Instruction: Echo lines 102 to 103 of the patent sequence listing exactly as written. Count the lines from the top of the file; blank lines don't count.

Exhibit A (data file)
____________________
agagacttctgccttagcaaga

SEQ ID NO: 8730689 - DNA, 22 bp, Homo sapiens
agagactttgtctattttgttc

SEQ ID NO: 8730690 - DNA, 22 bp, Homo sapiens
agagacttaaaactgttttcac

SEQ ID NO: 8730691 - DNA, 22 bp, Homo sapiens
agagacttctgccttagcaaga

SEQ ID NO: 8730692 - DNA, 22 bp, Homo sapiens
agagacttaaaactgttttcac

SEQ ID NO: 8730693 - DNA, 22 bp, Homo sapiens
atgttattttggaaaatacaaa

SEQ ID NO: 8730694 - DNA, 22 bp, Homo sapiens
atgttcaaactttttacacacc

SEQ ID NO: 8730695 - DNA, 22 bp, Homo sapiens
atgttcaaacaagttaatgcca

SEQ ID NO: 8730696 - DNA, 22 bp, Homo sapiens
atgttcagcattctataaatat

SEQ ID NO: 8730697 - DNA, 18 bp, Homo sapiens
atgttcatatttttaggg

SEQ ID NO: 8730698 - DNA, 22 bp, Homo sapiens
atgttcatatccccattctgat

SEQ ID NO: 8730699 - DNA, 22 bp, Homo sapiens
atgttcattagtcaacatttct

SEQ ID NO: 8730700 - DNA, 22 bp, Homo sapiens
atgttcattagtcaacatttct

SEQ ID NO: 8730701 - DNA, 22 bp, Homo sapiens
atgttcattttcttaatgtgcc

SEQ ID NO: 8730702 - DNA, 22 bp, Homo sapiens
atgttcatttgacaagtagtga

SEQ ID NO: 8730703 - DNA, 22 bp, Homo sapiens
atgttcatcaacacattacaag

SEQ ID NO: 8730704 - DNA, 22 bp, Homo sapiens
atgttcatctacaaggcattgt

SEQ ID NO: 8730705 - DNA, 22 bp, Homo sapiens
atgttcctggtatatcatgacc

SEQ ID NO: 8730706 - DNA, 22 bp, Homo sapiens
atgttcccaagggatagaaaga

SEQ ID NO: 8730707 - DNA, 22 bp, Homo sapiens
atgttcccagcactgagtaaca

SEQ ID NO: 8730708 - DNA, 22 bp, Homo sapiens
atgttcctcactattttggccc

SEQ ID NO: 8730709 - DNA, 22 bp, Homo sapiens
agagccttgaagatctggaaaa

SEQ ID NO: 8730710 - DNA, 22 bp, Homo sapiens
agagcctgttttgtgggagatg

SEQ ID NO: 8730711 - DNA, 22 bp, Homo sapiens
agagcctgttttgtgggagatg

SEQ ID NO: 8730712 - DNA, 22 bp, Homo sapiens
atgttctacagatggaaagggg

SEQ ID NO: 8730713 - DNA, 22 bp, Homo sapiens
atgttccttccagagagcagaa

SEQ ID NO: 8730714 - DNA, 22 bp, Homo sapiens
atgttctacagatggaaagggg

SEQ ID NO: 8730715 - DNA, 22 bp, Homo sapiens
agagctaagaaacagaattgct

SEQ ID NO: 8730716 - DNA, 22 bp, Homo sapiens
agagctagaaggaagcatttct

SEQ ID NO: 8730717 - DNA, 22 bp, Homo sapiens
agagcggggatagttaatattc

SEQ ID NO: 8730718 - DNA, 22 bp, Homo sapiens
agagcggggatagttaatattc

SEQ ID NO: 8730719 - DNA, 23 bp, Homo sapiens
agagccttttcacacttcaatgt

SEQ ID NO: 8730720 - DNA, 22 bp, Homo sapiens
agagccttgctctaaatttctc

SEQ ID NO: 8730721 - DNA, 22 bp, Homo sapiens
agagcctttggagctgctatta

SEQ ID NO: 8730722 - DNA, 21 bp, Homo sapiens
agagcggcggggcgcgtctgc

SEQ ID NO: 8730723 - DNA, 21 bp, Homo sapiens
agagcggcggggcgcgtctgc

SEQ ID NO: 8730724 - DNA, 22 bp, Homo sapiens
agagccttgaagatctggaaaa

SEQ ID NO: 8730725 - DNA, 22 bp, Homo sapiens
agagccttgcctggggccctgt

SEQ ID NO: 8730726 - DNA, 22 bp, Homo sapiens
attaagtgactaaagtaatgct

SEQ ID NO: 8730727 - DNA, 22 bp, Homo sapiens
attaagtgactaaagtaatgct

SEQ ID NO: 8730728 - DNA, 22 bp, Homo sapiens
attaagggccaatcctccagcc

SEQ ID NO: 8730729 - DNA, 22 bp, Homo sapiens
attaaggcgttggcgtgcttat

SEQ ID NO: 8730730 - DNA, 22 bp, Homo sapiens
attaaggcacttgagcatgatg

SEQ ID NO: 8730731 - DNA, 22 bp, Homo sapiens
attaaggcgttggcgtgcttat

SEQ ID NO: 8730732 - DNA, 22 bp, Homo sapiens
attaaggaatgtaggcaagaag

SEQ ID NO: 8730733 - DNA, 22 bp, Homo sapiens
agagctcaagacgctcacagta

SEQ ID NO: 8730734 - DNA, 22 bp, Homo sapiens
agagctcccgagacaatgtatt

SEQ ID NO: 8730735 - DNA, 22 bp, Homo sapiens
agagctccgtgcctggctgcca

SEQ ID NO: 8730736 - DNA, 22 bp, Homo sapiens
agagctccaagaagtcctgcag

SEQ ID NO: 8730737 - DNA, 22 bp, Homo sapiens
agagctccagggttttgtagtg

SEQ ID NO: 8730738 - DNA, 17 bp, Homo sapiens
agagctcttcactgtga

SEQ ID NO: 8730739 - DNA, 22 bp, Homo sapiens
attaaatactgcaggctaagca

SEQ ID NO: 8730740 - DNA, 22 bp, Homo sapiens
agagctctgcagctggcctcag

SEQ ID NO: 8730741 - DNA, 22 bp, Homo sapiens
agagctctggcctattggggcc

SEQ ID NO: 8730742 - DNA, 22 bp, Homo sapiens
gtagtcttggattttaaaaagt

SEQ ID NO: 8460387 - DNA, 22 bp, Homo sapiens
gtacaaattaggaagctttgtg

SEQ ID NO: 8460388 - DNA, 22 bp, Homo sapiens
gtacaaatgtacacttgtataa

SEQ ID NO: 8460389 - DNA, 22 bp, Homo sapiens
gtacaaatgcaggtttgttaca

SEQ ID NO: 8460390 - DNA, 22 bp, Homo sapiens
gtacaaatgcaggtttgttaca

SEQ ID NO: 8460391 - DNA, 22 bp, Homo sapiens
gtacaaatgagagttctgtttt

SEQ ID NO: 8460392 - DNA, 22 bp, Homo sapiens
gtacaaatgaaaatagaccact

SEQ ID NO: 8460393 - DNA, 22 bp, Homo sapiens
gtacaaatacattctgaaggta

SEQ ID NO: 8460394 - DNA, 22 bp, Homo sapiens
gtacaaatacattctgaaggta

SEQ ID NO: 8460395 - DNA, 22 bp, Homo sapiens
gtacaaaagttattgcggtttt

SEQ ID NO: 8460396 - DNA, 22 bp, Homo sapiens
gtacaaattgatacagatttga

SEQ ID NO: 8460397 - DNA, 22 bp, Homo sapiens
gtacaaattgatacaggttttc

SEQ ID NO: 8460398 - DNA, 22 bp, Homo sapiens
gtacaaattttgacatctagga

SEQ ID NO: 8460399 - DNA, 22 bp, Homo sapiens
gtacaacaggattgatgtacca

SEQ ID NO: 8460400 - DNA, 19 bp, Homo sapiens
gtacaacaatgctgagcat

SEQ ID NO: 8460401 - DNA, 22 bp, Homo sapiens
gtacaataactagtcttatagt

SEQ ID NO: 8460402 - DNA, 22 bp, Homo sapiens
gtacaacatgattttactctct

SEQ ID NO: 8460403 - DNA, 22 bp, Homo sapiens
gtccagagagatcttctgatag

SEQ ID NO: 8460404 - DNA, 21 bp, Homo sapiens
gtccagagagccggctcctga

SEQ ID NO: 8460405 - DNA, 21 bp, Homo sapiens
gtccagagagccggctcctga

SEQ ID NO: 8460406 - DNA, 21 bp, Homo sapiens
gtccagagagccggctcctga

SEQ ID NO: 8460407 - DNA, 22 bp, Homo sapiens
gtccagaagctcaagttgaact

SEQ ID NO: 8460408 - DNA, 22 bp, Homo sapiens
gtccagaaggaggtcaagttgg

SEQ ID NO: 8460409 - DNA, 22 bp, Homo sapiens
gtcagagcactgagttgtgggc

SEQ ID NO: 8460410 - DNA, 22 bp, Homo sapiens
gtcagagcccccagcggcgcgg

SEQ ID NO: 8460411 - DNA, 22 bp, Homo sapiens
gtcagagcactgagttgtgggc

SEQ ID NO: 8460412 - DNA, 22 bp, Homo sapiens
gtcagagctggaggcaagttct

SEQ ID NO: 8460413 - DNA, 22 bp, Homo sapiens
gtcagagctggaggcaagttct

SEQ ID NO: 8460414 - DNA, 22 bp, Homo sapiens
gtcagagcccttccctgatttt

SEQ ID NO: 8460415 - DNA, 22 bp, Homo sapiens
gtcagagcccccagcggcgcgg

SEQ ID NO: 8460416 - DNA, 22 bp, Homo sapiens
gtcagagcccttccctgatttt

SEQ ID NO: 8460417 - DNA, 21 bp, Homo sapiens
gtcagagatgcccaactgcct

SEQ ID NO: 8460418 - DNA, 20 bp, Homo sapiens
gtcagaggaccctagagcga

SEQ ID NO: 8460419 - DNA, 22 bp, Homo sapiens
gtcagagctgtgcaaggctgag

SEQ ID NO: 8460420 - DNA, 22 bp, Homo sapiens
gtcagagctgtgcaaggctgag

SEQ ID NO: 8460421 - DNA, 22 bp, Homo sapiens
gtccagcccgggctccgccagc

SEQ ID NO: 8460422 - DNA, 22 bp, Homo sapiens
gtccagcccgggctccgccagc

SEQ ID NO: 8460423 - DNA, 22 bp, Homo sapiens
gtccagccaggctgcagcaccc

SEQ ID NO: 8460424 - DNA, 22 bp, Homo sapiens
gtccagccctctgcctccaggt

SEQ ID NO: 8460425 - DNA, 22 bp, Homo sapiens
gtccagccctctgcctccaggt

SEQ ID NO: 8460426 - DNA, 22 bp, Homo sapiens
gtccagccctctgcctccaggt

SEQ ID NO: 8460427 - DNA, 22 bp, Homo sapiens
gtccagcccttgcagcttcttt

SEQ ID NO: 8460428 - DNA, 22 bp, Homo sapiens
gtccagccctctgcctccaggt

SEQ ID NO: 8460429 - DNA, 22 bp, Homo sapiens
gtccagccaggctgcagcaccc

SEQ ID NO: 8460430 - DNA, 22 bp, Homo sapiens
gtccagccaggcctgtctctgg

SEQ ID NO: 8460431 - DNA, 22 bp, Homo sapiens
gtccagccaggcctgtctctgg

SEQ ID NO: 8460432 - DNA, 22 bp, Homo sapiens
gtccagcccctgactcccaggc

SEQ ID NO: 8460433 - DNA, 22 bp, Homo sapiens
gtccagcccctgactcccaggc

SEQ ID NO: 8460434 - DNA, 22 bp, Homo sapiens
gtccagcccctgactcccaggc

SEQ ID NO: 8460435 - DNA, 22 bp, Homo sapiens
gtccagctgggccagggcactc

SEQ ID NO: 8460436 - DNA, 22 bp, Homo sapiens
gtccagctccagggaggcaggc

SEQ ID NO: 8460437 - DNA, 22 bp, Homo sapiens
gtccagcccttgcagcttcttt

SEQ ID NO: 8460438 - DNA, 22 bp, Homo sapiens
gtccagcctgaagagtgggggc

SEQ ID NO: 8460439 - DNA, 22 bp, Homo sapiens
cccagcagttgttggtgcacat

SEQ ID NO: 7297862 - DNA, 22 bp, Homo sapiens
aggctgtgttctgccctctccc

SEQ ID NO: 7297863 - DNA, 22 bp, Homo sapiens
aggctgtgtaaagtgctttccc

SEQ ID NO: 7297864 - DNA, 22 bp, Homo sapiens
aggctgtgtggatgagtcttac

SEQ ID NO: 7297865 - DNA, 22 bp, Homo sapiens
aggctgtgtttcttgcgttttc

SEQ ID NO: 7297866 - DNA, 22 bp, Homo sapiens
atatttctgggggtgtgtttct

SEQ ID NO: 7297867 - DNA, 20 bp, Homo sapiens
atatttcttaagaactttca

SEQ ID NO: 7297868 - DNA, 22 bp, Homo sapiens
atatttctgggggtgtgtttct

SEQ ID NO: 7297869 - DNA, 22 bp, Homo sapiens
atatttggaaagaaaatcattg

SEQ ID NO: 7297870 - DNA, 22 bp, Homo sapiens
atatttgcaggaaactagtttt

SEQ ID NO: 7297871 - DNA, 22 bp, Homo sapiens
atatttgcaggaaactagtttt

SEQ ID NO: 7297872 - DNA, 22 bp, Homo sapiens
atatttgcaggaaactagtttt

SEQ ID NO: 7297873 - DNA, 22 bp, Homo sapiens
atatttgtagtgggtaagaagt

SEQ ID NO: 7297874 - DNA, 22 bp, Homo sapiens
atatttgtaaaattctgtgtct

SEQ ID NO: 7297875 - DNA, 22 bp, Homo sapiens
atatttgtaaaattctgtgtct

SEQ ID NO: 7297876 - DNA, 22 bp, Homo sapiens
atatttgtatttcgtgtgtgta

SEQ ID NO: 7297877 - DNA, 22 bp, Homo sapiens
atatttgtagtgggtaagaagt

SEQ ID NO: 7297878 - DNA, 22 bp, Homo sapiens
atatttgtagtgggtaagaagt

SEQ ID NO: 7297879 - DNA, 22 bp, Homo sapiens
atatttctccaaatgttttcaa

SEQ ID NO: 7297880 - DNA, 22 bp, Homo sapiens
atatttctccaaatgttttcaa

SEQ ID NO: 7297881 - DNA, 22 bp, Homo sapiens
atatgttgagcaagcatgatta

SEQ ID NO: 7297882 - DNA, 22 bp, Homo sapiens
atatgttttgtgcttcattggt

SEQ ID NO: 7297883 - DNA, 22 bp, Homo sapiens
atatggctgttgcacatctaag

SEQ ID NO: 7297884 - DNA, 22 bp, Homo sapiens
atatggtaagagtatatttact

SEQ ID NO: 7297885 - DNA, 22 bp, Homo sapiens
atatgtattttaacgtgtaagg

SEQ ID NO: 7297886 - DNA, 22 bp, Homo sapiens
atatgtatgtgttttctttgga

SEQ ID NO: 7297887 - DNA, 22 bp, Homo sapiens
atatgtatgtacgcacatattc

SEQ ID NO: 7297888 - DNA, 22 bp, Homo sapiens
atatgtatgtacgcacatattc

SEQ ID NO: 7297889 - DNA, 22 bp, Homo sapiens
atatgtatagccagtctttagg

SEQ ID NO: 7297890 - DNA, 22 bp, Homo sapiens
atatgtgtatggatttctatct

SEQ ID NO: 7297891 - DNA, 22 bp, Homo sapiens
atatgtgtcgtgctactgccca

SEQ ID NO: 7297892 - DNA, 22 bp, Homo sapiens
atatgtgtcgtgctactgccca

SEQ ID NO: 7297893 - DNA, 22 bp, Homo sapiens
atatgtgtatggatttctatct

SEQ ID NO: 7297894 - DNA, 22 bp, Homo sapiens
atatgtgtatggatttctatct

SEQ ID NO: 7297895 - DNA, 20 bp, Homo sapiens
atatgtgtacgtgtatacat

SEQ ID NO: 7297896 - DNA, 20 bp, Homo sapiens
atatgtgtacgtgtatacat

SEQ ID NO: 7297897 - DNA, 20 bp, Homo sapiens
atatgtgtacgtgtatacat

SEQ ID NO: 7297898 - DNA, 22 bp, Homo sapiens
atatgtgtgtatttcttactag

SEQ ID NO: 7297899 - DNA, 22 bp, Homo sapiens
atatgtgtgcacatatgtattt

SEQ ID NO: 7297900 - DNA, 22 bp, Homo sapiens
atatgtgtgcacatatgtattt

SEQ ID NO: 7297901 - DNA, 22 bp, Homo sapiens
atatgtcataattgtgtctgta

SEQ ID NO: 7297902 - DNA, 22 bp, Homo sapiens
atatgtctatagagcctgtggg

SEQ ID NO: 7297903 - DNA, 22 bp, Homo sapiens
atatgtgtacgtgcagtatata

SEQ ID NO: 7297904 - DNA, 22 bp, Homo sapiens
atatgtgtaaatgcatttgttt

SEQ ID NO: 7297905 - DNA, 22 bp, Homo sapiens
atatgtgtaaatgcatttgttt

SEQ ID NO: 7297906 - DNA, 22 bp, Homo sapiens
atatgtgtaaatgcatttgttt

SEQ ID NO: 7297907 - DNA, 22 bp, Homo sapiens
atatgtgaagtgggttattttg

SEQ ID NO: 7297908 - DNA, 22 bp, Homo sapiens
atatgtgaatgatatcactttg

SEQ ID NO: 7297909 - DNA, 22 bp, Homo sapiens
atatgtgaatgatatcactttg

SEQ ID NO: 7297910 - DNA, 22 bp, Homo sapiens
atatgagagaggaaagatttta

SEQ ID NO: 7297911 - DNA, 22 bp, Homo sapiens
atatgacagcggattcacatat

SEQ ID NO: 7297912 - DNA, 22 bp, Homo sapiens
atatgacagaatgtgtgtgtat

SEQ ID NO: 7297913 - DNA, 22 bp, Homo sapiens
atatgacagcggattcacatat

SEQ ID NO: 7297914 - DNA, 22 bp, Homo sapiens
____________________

SEQ ID NO: 8730739 - DNA, 22 bp, Homo sapiens
attaaatactgcaggctaagca